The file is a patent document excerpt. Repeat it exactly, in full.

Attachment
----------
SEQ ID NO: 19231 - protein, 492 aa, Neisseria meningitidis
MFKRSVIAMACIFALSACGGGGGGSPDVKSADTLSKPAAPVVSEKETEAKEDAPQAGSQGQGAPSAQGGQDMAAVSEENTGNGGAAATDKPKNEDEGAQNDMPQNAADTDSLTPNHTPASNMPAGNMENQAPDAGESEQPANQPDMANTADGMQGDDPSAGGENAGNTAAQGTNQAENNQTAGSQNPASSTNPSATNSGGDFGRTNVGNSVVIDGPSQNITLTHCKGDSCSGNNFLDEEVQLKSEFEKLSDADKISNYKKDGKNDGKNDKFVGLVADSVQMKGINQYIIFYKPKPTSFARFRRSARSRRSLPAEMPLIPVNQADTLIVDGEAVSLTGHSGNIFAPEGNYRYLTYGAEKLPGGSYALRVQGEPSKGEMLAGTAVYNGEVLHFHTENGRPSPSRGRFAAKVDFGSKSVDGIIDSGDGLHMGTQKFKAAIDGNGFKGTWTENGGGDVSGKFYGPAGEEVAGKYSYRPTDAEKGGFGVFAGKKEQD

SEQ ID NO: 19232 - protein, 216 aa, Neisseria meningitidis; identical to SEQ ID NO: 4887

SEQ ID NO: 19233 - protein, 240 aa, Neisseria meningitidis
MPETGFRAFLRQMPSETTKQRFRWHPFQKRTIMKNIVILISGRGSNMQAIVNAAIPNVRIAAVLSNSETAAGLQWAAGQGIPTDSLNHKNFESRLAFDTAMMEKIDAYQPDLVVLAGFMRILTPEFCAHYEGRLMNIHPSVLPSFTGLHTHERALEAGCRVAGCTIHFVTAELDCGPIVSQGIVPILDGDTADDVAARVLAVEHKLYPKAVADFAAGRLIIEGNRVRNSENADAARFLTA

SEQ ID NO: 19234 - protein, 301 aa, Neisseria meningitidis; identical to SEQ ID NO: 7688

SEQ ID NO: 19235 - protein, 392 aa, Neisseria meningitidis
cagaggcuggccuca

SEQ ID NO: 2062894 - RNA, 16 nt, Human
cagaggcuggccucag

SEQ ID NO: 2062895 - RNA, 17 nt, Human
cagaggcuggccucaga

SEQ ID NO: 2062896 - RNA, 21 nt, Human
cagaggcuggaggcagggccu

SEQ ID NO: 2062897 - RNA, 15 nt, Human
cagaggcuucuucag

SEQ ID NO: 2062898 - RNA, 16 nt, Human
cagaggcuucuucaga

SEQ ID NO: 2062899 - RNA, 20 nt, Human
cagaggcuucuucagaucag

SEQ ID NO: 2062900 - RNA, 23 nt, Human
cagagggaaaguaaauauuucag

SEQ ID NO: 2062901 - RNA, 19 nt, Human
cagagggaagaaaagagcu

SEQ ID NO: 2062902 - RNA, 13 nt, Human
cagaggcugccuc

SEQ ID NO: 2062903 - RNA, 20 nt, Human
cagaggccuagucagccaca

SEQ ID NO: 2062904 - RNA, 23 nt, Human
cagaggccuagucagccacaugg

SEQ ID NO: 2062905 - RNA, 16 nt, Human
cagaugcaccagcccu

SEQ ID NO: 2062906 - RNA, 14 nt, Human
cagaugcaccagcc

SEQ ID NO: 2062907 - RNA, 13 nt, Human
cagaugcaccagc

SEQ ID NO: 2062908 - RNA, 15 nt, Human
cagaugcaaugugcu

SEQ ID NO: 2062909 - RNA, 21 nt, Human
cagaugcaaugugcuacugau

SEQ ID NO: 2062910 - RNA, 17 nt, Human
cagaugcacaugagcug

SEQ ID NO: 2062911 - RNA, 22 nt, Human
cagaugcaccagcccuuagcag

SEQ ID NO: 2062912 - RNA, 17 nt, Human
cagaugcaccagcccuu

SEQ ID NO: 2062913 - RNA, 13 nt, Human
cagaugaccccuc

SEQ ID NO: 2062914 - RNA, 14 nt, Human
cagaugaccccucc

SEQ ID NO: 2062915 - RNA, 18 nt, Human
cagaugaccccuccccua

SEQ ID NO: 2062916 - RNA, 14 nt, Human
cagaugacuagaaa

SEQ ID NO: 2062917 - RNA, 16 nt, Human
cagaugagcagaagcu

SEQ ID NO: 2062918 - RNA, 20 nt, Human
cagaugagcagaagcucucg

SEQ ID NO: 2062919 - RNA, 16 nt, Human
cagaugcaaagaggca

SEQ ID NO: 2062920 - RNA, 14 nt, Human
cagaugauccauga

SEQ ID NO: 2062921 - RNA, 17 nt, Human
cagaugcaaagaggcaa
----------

SEQ ID NO: 19231 - protein, 492 aa, Neisseria meningitidis
MFKRSVIAMACIFALSACGGGGGGSPDVKSADTLSKPAAPVVSEKETEAKEDAPQAGSQGQGAPSAQGGQDMAAVSEENTGNGGAAATDKPKNEDEGAQNDMPQNAADTDSLTPNHTPASNMPAGNMENQAPDAGESEQPANQPDMANTADGMQGDDPSAGGENAGNTAAQGTNQAENNQTAGSQNPASSTNPSATNSGGDFGRTNVGNSVVIDGPSQNITLTHCKGDSCSGNNFLDEEVQLKSEFEKLSDADKISNYKKDGKNDGKNDKFVGLVADSVQMKGINQYIIFYKPKPTSFARFRRSARSRRSLPAEMPLIPVNQADTLIVDGEAVSLTGHSGNIFAPEGNYRYLTYGAEKLPGGSYALRVQGEPSKGEMLAGTAVYNGEVLHFHTENGRPSPSRGRFAAKVDFGSKSVDGIIDSGDGLHMGTQKFKAAIDGNGFKGTWTENGGGDVSGKFYGPAGEEVAGKYSYRPTDAEKGGFGVFAGKKEQD

SEQ ID NO: 19232 - protein, 216 aa, Neisseria meningitidis; identical to SEQ ID NO: 4887

SEQ ID NO: 19233 - protein, 240 aa, Neisseria meningitidis
MPETGFRAFLRQMPSETTKQRFRWHPFQKRTIMKNIVILISGRGSNMQAIVNAAIPNVRIAAVLSNSETAAGLQWAAGQGIPTDSLNHKNFESRLAFDTAMMEKIDAYQPDLVVLAGFMRILTPEFCAHYEGRLMNIHPSVLPSFTGLHTHERALEAGCRVAGCTIHFVTAELDCGPIVSQGIVPILDGDTADDVAARVLAVEHKLYPKAVADFAAGRLIIEGNRVRNSENADAARFLTA

SEQ ID NO: 19234 - protein, 301 aa, Neisseria meningitidis; identical to SEQ ID NO: 7688

SEQ ID NO: 19235 - protein, 392 aa, Neisseria meningitidis
cagaggcuggccuca

SEQ ID NO: 2062894 - RNA, 16 nt, Human
cagaggcuggccucag

SEQ ID NO: 2062895 - RNA, 17 nt, Human
cagaggcuggccucaga

SEQ ID NO: 2062896 - RNA, 21 nt, Human
cagaggcuggaggcagggccu

SEQ ID NO: 2062897 - RNA, 15 nt, Human
cagaggcuucuucag

SEQ ID NO: 2062898 - RNA, 16 nt, Human
cagaggcuucuucaga

SEQ ID NO: 2062899 - RNA, 20 nt, Human
cagaggcuucuucagaucag

SEQ ID NO: 2062900 - RNA, 23 nt, Human
cagagggaaaguaaauauuucag

SEQ ID NO: 2062901 - RNA, 19 nt, Human
cagagggaagaaaagagcu

SEQ ID NO: 2062902 - RNA, 13 nt, Human
cagaggcugccuc

SEQ ID NO: 2062903 - RNA, 20 nt, Human
cagaggccuagucagccaca

SEQ ID NO: 2062904 - RNA, 23 nt, Human
cagaggccuagucagccacaugg

SEQ ID NO: 2062905 - RNA, 16 nt, Human
cagaugcaccagcccu

SEQ ID NO: 2062906 - RNA, 14 nt, Human
cagaugcaccagcc

SEQ ID NO: 2062907 - RNA, 13 nt, Human
cagaugcaccagc

SEQ ID NO: 2062908 - RNA, 15 nt, Human
cagaugcaaugugcu

SEQ ID NO: 2062909 - RNA, 21 nt, Human
cagaugcaaugugcuacugau

SEQ ID NO: 2062910 - RNA, 17 nt, Human
cagaugcacaugagcug

SEQ ID NO: 2062911 - RNA, 22 nt, Human
cagaugcaccagcccuuagcag

SEQ ID NO: 2062912 - RNA, 17 nt, Human
cagaugcaccagcccuu

SEQ ID NO: 2062913 - RNA, 13 nt, Human
cagaugaccccuc

SEQ ID NO: 2062914 - RNA, 14 nt, Human
cagaugaccccucc

SEQ ID NO: 2062915 - RNA, 18 nt, Human
cagaugaccccuccccua

SEQ ID NO: 2062916 - RNA, 14 nt, Human
cagaugacuagaaa

SEQ ID NO: 2062917 - RNA, 16 nt, Human
cagaugagcagaagcu

SEQ ID NO: 2062918 - RNA, 20 nt, Human
cagaugagcagaagcucucg

SEQ ID NO: 2062919 - RNA, 16 nt, Human
cagaugcaaagaggca

SEQ ID NO: 2062920 - RNA, 14 nt, Human
cagaugauccauga

SEQ ID NO: 2062921 - RNA, 17 nt, Human
cagaugcaaagaggcaa